In the News

Vermont Commons: Good-Bye to Rural Vermont’s Exceptional Leader, Amy Shollenberger

Five years ago, when we moved to Vermont, you couldn’t buy chicken raised and slaughtered on a local farm at the farmers’ market, and it certainly couldn’t be served in a restaurant. Finding farm-fresh raw milk was nearly impossible since the farms couldn’t advertise, and when you did find a farm that sold it chances were that you would have a hard time getting any of the measly 25 quarts a day that the farms were allowed to sell. Few people other than organic farmers knew about harmful effects of GMO crops in our state, and growing hemp – an eco-friendly food and fiber crop – was illegal.

But the tide is turning, and while many people and organizations have been a part of these regulatory changes, Rural Vermont, under the leadership of Amy Shollenberger, has been a consistent force in every one of these agricultural victories.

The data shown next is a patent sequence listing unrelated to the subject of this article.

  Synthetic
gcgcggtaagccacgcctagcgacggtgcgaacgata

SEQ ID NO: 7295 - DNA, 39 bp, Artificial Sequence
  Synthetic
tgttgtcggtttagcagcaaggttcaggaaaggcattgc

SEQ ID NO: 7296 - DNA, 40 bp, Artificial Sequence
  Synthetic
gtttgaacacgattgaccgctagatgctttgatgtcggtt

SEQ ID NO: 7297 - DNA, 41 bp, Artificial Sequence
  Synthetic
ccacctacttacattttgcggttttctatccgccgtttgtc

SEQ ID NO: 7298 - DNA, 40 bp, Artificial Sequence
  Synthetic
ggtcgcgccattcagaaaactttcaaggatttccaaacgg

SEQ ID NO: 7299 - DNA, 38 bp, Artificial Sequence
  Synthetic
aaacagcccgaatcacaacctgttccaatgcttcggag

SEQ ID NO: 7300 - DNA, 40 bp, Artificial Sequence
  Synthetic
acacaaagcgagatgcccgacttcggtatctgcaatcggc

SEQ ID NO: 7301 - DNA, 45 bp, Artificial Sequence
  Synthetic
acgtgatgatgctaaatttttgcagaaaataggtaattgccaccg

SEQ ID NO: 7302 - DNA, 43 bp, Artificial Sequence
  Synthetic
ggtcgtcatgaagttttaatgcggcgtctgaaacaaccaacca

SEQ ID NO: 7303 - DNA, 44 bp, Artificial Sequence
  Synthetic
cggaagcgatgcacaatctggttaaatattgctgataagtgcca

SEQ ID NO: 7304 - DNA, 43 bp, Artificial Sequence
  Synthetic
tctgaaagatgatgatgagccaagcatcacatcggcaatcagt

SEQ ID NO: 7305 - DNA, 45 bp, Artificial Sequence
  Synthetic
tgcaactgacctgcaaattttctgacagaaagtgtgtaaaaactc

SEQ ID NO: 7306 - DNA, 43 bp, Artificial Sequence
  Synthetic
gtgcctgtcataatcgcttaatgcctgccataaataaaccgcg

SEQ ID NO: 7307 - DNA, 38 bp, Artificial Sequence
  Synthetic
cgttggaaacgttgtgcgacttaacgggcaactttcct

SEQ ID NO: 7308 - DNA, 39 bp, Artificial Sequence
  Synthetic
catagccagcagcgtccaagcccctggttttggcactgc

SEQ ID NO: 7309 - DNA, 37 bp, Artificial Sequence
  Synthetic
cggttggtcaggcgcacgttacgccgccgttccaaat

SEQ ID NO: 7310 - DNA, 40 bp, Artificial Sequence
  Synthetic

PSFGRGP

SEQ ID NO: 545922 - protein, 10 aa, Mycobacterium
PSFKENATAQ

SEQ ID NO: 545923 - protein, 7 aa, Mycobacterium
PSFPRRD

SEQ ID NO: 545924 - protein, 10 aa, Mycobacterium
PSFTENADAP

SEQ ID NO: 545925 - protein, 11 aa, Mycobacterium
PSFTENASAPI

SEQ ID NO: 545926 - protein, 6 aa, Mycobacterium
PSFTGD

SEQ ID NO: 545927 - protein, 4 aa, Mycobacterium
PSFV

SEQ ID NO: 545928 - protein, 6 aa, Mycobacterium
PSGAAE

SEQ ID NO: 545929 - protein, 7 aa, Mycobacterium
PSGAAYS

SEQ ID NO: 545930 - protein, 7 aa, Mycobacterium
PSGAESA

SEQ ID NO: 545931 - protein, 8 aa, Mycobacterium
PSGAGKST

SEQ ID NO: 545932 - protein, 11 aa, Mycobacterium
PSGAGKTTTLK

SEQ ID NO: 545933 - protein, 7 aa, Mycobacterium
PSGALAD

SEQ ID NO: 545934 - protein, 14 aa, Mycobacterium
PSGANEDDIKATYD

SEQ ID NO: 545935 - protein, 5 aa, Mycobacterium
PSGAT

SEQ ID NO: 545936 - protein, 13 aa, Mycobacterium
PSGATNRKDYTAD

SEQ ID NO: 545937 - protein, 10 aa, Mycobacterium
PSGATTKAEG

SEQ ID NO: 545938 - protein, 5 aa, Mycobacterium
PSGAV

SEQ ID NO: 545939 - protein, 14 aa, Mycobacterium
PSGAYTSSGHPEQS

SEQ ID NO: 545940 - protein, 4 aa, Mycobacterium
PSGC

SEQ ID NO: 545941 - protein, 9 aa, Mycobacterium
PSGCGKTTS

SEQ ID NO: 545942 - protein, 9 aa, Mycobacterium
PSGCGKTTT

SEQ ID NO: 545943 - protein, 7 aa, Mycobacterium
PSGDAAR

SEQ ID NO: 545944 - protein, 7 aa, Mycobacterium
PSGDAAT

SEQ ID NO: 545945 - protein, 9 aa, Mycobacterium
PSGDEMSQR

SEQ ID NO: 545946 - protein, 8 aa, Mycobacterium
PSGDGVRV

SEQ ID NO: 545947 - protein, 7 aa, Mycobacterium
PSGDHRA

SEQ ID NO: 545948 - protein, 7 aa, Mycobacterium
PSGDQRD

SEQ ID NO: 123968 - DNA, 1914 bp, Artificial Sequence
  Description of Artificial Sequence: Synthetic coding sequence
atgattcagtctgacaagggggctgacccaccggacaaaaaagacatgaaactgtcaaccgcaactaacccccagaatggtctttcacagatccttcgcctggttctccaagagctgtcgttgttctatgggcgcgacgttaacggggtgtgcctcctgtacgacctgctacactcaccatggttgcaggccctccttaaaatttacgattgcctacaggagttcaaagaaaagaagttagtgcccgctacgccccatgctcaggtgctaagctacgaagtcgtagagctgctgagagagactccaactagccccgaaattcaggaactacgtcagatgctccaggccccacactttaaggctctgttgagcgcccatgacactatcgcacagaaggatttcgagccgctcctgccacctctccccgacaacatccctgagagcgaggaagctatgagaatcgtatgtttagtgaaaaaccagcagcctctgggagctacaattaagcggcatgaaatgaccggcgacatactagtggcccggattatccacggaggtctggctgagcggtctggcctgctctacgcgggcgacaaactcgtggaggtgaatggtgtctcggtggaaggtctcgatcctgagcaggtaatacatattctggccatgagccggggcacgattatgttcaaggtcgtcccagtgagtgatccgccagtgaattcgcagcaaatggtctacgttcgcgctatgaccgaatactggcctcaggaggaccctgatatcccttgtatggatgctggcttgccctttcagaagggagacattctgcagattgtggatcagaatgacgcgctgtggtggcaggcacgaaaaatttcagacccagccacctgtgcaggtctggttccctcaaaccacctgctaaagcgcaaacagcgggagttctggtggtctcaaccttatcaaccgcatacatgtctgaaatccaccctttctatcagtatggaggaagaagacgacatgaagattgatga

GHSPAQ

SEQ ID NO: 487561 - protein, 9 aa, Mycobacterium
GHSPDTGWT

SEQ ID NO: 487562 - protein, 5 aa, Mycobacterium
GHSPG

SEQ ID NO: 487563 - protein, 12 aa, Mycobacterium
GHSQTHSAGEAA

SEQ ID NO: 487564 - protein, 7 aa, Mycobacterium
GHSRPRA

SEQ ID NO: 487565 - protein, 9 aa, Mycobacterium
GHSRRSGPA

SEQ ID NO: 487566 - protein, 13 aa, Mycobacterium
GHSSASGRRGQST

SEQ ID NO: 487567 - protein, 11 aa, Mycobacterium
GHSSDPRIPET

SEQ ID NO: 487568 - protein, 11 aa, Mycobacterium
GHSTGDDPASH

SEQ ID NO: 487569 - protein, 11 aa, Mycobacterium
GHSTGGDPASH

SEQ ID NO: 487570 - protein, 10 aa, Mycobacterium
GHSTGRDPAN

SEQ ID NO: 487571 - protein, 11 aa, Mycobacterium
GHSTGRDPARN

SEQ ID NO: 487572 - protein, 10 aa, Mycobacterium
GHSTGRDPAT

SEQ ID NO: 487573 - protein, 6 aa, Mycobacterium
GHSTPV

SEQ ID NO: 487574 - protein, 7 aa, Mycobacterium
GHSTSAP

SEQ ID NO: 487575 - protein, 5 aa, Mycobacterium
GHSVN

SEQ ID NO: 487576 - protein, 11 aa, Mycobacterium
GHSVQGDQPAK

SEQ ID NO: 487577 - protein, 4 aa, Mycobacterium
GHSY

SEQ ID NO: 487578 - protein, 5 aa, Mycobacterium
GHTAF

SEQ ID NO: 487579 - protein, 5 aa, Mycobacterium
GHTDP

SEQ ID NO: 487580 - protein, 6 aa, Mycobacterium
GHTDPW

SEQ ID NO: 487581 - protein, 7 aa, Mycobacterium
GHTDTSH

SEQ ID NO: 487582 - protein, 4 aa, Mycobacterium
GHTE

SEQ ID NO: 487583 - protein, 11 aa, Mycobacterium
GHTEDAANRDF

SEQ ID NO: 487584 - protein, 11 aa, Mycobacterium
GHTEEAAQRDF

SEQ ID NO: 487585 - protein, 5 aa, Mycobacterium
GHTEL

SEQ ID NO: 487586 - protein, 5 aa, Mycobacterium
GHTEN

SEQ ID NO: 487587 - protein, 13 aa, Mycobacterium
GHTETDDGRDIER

Vermont Commons: What Will You Eat If Vermont Secedes?

And, how can we begin thinking about ourselves as producers rather than consumers? I believe that this is the cultural shift that needs to happen. As long as we think about ourselves as consumers – people who use up resources – we will not succeed in achieving independence from the tyranny of the corporate-industrial food system. We must take responsibility at all levels and work to create a new system that adds health and value to our bodies, our soils, and our communities.